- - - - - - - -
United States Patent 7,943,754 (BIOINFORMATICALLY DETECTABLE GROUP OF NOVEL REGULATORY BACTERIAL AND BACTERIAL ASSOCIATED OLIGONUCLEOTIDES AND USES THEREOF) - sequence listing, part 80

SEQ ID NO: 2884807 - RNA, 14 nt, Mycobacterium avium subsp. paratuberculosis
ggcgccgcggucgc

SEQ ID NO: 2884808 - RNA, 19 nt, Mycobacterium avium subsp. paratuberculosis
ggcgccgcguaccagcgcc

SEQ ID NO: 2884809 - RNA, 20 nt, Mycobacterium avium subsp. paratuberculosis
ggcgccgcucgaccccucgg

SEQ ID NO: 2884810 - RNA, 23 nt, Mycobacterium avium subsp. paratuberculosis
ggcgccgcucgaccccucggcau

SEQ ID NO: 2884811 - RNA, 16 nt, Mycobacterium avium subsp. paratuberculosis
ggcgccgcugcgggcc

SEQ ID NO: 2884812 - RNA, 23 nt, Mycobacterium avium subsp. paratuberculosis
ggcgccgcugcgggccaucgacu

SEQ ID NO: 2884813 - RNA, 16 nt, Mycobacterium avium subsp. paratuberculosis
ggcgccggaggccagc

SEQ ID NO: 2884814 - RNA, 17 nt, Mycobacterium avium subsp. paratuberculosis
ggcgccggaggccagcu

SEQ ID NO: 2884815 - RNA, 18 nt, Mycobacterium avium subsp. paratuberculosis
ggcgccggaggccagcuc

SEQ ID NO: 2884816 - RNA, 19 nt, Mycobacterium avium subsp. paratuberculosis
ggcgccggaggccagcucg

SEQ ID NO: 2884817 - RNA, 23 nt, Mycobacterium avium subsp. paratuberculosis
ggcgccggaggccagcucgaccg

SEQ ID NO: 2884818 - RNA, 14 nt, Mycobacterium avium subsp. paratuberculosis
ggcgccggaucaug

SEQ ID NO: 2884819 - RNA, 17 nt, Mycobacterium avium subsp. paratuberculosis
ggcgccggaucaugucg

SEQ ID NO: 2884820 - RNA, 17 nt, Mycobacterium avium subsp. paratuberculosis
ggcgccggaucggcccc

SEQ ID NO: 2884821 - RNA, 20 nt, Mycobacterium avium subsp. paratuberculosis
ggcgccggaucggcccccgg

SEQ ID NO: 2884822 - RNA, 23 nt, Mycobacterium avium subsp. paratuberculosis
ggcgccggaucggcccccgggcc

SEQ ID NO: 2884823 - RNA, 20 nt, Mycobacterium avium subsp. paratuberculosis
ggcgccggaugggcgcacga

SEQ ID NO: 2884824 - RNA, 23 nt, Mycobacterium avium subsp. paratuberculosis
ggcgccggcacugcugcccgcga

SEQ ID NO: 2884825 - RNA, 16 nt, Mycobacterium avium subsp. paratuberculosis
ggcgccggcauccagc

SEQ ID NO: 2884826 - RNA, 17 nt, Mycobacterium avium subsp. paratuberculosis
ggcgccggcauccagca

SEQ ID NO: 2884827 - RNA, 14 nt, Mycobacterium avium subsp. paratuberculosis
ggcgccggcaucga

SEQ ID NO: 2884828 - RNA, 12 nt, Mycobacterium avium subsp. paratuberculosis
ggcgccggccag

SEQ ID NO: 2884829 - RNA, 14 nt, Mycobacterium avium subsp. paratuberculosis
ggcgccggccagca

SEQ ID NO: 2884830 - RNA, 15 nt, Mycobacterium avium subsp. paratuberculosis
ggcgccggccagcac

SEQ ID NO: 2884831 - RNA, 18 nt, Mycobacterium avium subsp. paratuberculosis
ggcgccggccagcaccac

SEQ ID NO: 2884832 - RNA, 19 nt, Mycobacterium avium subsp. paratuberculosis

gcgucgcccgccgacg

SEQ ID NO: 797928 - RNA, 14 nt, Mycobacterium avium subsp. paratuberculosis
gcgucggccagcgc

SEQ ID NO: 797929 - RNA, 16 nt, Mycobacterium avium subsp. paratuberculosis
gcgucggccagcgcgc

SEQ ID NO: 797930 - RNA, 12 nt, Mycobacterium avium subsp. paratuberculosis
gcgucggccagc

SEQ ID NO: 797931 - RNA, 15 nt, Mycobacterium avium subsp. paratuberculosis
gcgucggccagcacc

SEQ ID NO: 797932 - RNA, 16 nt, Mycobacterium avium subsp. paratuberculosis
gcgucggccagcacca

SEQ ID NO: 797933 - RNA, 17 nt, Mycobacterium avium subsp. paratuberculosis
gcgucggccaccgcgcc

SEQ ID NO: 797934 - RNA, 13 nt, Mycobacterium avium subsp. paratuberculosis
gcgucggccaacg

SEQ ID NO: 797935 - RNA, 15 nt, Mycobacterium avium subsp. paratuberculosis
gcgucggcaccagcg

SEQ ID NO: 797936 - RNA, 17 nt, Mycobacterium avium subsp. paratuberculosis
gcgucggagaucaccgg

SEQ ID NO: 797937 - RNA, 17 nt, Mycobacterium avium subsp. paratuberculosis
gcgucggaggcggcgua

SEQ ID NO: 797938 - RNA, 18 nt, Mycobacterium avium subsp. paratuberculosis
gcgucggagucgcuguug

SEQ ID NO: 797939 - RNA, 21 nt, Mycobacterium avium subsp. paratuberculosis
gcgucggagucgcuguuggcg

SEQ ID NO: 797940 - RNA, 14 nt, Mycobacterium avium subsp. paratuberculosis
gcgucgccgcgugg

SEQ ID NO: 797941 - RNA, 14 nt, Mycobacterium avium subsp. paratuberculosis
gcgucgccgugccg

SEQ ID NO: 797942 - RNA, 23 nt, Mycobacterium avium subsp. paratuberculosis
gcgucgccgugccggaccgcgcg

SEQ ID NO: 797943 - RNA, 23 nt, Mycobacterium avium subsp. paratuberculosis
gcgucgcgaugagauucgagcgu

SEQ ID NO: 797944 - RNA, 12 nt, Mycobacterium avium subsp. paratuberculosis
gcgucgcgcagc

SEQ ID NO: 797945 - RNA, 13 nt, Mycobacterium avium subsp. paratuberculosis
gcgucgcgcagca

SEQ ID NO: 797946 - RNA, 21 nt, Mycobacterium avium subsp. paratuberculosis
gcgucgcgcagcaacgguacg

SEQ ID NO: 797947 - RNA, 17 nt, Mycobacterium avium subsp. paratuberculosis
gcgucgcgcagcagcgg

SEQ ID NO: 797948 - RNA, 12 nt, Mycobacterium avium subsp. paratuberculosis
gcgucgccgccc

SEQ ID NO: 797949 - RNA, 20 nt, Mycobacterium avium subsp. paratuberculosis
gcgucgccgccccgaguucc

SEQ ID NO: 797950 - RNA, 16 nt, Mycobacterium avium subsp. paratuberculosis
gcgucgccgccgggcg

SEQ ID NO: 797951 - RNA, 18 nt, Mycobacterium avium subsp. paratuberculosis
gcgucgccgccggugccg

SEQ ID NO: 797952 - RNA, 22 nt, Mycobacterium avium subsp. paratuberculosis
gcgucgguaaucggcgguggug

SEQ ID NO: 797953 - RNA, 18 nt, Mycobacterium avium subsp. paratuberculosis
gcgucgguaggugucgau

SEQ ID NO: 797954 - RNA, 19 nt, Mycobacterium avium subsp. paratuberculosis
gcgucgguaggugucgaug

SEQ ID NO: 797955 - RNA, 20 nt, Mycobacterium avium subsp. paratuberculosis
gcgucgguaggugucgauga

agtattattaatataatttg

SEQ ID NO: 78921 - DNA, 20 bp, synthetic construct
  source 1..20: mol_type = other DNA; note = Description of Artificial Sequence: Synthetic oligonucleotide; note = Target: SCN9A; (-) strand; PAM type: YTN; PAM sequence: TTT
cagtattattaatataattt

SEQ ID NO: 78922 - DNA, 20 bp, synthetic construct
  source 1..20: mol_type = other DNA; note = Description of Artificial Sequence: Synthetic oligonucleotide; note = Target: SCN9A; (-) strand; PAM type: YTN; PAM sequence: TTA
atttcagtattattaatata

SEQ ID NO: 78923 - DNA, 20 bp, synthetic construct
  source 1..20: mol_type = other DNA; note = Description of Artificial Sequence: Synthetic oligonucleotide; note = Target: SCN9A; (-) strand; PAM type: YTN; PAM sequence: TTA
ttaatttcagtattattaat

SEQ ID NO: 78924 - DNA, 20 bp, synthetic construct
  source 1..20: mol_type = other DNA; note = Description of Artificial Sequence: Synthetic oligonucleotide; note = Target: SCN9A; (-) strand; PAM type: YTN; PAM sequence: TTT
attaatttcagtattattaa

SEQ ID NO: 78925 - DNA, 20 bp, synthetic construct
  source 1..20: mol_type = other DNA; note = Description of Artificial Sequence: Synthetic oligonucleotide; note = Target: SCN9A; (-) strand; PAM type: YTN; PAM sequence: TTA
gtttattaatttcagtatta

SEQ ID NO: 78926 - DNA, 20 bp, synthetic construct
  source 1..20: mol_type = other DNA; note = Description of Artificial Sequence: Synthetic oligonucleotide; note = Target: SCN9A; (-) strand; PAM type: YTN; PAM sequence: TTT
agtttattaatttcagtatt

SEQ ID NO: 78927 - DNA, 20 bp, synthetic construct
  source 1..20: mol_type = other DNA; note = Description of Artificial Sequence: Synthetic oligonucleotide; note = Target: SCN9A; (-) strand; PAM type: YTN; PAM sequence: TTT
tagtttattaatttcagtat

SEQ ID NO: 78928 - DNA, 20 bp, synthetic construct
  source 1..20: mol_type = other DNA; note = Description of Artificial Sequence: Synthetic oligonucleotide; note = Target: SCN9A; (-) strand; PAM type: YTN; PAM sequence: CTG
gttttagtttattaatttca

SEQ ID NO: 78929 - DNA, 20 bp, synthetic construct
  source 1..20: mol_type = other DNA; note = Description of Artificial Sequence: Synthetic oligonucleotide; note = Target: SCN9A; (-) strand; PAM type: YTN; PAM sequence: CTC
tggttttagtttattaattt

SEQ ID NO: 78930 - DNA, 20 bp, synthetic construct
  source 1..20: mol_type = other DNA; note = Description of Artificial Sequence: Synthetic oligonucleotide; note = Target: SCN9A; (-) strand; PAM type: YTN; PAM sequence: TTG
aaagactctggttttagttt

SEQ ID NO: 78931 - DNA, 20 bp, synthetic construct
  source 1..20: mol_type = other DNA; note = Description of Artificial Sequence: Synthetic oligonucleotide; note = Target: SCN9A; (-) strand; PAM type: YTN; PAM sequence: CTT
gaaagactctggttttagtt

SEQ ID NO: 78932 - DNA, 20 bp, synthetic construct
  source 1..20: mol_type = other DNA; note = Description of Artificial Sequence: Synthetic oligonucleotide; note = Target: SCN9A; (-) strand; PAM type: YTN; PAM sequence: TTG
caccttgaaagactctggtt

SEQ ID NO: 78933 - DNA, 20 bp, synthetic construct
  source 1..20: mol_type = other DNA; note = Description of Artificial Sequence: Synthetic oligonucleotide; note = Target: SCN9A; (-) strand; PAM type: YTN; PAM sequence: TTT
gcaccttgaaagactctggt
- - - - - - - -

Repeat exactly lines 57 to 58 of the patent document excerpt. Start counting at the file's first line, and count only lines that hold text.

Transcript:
gcgucggccagcgcgc

SEQ ID NO: 797930 - RNA, 12 nt, Mycobacterium avium subsp. paratuberculosis